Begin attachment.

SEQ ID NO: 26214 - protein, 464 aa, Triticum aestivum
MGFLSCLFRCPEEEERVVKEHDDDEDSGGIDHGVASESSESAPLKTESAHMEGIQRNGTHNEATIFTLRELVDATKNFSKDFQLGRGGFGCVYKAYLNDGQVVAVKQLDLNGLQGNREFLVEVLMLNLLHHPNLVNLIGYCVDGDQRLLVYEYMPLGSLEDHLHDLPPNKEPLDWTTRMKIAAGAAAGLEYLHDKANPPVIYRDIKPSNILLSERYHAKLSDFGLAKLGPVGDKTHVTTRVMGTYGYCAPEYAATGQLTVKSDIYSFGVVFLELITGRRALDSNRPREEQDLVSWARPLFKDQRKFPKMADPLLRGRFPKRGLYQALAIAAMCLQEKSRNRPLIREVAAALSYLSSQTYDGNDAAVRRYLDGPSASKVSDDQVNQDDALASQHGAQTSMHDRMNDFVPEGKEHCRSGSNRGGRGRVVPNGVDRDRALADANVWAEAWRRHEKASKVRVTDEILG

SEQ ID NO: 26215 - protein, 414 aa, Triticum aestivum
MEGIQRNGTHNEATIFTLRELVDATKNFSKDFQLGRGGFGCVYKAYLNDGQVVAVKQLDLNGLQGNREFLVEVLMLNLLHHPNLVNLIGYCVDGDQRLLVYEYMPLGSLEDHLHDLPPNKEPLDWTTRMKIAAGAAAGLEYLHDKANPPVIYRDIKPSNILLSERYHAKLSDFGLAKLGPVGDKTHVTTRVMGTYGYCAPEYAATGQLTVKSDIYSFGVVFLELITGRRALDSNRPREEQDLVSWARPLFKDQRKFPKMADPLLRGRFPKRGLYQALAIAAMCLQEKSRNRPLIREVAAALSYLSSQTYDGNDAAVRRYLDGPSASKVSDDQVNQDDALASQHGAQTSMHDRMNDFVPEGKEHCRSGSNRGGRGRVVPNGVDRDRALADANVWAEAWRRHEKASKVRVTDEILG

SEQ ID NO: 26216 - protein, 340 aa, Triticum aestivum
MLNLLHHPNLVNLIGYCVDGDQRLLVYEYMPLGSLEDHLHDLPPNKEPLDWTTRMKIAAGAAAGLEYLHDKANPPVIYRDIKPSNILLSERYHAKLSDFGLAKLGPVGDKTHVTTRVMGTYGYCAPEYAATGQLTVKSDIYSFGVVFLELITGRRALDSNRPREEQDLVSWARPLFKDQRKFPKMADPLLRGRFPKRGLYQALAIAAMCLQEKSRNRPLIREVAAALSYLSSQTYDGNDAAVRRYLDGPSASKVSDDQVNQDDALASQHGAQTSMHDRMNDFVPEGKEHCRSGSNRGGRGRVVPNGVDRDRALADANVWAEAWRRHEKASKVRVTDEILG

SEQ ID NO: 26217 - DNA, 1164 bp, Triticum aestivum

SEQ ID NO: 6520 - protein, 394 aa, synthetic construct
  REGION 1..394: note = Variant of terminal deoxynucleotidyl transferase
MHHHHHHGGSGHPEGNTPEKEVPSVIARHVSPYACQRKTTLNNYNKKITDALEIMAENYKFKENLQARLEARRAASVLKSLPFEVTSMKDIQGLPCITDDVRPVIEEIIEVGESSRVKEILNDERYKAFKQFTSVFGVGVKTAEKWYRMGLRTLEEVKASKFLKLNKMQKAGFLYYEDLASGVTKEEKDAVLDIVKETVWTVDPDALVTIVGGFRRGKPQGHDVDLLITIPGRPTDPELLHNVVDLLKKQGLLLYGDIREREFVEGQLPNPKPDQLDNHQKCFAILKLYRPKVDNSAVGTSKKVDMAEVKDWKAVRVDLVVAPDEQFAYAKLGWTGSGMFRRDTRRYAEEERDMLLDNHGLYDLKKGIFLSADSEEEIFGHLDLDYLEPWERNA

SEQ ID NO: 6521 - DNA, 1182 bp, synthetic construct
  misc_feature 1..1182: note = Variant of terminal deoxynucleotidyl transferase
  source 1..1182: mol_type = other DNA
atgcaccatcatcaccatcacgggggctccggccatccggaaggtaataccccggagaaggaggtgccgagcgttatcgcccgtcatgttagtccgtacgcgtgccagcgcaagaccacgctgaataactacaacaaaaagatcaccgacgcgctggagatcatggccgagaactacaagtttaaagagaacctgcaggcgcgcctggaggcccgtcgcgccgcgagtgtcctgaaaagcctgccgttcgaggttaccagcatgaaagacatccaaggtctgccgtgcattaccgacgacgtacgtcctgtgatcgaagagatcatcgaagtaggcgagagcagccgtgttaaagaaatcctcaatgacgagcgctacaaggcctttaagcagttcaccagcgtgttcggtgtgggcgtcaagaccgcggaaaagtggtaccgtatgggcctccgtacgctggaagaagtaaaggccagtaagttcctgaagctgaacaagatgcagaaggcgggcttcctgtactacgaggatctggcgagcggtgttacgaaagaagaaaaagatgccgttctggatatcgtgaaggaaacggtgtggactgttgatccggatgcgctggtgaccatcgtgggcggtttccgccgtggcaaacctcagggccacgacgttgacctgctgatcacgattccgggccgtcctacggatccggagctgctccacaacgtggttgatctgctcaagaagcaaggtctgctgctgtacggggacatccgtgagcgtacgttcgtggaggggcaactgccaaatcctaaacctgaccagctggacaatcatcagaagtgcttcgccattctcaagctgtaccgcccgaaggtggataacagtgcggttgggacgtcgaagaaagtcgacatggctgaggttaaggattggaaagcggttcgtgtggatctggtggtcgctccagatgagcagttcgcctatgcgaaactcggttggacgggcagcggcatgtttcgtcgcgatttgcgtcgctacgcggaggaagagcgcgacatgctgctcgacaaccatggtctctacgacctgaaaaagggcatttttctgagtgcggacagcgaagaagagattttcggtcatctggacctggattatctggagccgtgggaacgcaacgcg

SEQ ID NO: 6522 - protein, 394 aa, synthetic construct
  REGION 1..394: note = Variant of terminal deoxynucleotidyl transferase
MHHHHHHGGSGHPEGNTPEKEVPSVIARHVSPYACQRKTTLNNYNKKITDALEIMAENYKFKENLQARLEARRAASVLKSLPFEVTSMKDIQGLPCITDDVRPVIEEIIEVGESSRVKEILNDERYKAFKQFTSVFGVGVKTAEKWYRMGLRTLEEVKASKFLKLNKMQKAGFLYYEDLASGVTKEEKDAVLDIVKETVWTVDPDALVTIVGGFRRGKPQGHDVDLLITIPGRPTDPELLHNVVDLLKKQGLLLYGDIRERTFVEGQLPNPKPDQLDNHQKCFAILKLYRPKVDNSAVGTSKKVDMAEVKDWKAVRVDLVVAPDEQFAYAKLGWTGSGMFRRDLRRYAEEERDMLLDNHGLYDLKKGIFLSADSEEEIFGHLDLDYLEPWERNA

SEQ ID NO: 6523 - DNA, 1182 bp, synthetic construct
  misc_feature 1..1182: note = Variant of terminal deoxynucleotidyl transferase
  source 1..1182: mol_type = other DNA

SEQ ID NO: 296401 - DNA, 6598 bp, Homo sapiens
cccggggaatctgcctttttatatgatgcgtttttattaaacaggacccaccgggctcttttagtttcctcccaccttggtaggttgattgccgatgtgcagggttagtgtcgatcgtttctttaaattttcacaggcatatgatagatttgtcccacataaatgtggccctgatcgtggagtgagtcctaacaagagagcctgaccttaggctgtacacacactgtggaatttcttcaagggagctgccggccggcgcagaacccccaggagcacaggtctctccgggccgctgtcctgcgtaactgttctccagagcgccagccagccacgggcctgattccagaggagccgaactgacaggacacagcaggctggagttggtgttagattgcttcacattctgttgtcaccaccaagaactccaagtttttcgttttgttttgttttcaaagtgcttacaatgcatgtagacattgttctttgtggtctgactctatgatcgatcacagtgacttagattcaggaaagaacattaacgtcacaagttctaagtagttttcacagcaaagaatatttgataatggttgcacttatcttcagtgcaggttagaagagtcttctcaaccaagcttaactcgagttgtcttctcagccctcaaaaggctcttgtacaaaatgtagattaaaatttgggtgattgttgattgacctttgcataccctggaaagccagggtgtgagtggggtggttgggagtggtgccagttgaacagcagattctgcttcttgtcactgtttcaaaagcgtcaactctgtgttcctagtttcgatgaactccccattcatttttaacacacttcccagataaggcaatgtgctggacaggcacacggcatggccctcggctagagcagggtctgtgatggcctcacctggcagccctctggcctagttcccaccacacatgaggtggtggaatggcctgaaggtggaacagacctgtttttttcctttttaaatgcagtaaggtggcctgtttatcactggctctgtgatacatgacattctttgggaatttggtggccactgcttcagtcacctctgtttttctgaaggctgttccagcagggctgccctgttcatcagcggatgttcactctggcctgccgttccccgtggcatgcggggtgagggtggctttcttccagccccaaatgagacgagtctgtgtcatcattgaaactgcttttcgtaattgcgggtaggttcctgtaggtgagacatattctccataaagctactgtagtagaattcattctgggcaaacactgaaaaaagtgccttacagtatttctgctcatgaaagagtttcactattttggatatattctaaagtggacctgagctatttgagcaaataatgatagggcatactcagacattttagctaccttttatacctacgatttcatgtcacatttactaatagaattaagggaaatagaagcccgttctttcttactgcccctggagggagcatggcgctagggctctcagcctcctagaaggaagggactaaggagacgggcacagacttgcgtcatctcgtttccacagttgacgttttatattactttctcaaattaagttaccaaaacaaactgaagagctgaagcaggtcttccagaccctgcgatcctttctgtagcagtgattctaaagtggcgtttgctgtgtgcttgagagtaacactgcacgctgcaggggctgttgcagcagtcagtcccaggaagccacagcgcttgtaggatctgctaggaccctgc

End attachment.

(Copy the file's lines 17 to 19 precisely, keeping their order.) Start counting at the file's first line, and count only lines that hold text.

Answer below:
MHHHHHHGGSGHPEGNTPEKEVPSVIARHVSPYACQRKTTLNNYNKKITDALEIMAENYKFKENLQARLEARRAASVLKSLPFEVTSMKDIQGLPCITDDVRPVIEEIIEVGESSRVKEILNDERYKAFKQFTSVFGVGVKTAEKWYRMGLRTLEEVKASKFLKLNKMQKAGFLYYEDLASGVTKEEKDAVLDIVKETVWTVDPDALVTIVGGFRRGKPQGHDVDLLITIPGRPTDPELLHNVVDLLKKQGLLLYGDIRERTFVEGQLPNPKPDQLDNHQKCFAILKLYRPKVDNSAVGTSKKVDMAEVKDWKAVRVDLVVAPDEQFAYAKLGWTGSGMFRRDLRRYAEEERDMLLDNHGLYDLKKGIFLSADSEEEIFGHLDLDYLEPWERNA

SEQ ID NO: 6523 - DNA, 1182 bp, synthetic construct
  misc_feature 1..1182: note = Variant of terminal deoxynucleotidyl transferase